So I’ve just got back from the Ikon Gallery’s opening night of the new exhibitions. After taking an extremely long route from Birmingham New Street Station, we managed to find ourselves in Brindley Place looking at a beautiful building. Had it not been absolutely freezing, and had I was not in desperate need for wine, I would have documented the moment. I will get a shot at a later date and will probably go back to this exhibition anyway out of pure interest.
Inside was the photographic works of Stuart Whipps, John Myers and Dean Kelland. The most interesting work of Stuart Whipps was that of Uncatalogued Boxes (2011): it is the archival material of John Madin (Birmingham architect) which Whipps retraced from Madin’s time researching in America. Whipps photographs the boxes where images of the old libraries, when they were new. Therefore making a connection between past and present.
Whipps presented his images on projectors, three of them, and the series were shot over the three of them, making the viewer flick from wall to wall. I don’t know why he designed it in this way and I am to email him with my thoughts. However, I liked how he presented this images on a large scale so that a whole room of people could easily view; yet, with the nature of what he was photographing, we could not see inside the box. Quite teasing, but it made me think about the past and how it is filed away and not shared. Once its gone, its gone.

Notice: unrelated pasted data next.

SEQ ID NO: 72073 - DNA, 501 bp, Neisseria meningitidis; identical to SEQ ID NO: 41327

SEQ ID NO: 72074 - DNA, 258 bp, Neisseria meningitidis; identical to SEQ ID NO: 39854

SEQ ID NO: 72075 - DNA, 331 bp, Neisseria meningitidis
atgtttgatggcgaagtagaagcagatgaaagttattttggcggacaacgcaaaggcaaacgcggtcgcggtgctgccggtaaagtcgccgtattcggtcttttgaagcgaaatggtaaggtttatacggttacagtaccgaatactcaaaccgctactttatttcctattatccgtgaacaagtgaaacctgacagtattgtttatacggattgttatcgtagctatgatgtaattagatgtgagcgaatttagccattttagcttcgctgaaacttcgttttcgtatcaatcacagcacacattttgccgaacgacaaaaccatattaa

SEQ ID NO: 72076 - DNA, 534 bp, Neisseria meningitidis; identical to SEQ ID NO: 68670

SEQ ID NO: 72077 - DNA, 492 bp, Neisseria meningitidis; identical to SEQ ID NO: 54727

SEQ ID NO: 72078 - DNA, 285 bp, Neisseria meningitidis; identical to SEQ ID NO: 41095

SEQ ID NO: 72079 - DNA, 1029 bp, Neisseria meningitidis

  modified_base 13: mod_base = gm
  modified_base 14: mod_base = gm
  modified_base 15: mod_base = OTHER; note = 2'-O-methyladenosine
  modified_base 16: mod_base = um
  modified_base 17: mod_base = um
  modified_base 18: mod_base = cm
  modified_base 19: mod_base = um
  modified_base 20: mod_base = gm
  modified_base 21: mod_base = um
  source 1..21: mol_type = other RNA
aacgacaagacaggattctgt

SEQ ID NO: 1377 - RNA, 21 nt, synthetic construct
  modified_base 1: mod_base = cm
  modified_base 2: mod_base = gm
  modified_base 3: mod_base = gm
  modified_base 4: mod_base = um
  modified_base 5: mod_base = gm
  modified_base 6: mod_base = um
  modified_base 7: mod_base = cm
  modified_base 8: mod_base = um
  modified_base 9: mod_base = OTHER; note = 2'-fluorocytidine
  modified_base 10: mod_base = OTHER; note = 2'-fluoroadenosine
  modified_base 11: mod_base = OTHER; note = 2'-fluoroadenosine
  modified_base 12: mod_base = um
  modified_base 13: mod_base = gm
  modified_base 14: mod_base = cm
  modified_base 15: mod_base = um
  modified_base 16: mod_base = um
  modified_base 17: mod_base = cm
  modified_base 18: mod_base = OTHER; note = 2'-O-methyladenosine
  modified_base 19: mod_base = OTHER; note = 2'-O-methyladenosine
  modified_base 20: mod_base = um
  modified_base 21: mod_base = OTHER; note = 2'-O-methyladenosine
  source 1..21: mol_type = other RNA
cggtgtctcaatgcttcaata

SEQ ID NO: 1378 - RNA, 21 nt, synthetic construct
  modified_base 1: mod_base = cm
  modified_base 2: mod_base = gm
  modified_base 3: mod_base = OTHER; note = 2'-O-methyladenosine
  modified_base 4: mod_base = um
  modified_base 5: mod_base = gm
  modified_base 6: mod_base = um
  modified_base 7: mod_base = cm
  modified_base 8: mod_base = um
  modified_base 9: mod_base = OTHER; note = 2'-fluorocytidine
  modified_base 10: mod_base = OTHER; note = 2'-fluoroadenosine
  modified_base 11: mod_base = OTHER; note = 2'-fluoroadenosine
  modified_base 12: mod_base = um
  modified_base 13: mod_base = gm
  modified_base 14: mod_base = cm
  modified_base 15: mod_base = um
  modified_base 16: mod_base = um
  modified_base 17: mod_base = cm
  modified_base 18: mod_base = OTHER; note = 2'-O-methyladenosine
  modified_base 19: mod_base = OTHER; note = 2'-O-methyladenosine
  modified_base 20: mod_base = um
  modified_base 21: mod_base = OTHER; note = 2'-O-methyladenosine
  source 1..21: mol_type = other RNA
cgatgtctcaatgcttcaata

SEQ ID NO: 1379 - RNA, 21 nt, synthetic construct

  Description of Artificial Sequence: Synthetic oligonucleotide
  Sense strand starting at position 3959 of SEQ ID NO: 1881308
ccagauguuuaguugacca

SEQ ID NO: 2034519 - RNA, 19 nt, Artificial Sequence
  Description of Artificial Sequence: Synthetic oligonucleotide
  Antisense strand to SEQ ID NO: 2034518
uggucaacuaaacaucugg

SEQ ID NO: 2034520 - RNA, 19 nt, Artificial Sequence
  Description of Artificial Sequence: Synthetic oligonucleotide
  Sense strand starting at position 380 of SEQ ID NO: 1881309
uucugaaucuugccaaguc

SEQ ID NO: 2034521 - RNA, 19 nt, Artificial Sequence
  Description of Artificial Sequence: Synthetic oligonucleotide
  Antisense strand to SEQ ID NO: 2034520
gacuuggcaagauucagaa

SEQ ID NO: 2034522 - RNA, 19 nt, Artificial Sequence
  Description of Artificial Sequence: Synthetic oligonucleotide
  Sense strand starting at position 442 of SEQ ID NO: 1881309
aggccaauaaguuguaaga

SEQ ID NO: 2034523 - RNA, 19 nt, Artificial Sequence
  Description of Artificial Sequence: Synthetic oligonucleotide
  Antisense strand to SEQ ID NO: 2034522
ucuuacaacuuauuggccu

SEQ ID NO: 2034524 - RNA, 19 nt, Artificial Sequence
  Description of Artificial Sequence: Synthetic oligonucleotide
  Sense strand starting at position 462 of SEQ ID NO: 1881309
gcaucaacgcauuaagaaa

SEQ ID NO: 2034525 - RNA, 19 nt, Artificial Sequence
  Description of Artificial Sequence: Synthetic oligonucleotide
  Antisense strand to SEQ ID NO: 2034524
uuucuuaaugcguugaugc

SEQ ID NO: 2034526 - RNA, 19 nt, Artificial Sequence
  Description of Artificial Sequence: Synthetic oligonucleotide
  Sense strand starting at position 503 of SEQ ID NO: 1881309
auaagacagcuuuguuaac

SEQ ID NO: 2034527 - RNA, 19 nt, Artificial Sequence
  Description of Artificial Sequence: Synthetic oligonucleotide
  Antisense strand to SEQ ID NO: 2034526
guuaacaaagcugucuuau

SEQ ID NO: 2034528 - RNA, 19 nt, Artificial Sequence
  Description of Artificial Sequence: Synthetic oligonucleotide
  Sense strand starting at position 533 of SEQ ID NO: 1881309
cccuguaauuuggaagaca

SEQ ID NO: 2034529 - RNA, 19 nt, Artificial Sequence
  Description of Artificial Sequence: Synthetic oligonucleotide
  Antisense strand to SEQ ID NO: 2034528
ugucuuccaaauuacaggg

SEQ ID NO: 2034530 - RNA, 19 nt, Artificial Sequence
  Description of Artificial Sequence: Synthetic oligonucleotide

Bradford-born photographer, John Myers, was on the second floor. The first image on the left was a large format contact print of a man and his motorbike. This frame was a stand alone piece and relatively small which made it more intimate. It was not clear who the man was, but perhaps it was a relative. Middle England is a series of black and white photographs from the 1970s in the midlands. They are portraits of people he lived close to and where they lived. The mixture of portraits and landscape clearly documented how life was during the 1970s.
What I personally really liked about the portraits were that although they were staged for the camera, the subjects were in places familiar to them so that a landscape of their personality was created.
I would like to return to the gallery and take some pictures when it isn’t to busy. Until then, anyone in the Birmingham area: it’s worth a visit!